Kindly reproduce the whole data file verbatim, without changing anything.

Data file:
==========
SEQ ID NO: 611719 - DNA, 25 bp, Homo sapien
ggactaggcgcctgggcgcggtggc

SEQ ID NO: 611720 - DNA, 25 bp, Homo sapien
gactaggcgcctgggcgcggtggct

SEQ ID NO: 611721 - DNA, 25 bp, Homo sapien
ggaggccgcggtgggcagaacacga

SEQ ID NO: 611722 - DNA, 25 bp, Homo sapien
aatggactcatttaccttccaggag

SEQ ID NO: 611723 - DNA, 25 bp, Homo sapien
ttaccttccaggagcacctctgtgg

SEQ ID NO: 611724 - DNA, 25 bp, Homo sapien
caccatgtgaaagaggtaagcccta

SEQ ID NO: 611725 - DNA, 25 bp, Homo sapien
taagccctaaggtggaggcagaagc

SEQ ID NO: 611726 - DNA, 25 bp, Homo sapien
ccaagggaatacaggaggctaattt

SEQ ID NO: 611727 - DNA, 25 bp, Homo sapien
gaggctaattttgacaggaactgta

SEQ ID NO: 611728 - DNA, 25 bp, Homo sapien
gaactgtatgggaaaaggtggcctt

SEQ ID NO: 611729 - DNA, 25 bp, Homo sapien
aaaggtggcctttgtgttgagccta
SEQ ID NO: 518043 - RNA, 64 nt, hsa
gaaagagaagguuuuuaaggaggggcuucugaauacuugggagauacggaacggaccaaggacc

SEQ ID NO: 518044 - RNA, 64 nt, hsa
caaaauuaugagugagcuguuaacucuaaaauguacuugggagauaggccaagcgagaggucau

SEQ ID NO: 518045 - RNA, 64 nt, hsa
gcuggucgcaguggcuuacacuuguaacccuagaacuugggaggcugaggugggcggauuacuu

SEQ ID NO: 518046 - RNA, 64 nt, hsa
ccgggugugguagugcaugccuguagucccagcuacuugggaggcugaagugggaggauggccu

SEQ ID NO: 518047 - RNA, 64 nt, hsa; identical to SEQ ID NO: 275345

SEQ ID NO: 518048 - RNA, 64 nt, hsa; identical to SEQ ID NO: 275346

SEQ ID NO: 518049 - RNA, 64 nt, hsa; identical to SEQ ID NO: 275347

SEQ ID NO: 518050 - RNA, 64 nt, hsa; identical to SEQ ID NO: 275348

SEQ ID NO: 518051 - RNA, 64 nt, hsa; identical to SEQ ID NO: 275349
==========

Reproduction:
SEQ ID NO: 611719 - DNA, 25 bp, Homo sapien
ggactaggcgcctgggcgcggtggc

SEQ ID NO: 611720 - DNA, 25 bp, Homo sapien
gactaggcgcctgggcgcggtggct

SEQ ID NO: 611721 - DNA, 25 bp, Homo sapien
ggaggccgcggtgggcagaacacga

SEQ ID NO: 611722 - DNA, 25 bp, Homo sapien
aatggactcatttaccttccaggag

SEQ ID NO: 611723 - DNA, 25 bp, Homo sapien
ttaccttccaggagcacctctgtgg

SEQ ID NO: 611724 - DNA, 25 bp, Homo sapien
caccatgtgaaagaggtaagcccta

SEQ ID NO: 611725 - DNA, 25 bp, Homo sapien
taagccctaaggtggaggcagaagc

SEQ ID NO: 611726 - DNA, 25 bp, Homo sapien
ccaagggaatacaggaggctaattt

SEQ ID NO: 611727 - DNA, 25 bp, Homo sapien
gaggctaattttgacaggaactgta

SEQ ID NO: 611728 - DNA, 25 bp, Homo sapien
gaactgtatgggaaaaggtggcctt

SEQ ID NO: 611729 - DNA, 25 bp, Homo sapien
aaaggtggcctttgtgttgagccta
SEQ ID NO: 518043 - RNA, 64 nt, hsa
gaaagagaagguuuuuaaggaggggcuucugaauacuugggagauacggaacggaccaaggacc

SEQ ID NO: 518044 - RNA, 64 nt, hsa
caaaauuaugagugagcuguuaacucuaaaauguacuugggagauaggccaagcgagaggucau

SEQ ID NO: 518045 - RNA, 64 nt, hsa
gcuggucgcaguggcuuacacuuguaacccuagaacuugggaggcugaggugggcggauuacuu

SEQ ID NO: 518046 - RNA, 64 nt, hsa
ccgggugugguagugcaugccuguagucccagcuacuugggaggcugaagugggaggauggccu

SEQ ID NO: 518047 - RNA, 64 nt, hsa; identical to SEQ ID NO: 275345

SEQ ID NO: 518048 - RNA, 64 nt, hsa; identical to SEQ ID NO: 275346

SEQ ID NO: 518049 - RNA, 64 nt, hsa; identical to SEQ ID NO: 275347

SEQ ID NO: 518050 - RNA, 64 nt, hsa; identical to SEQ ID NO: 275348

SEQ ID NO: 518051 - RNA, 64 nt, hsa; identical to SEQ ID NO: 275349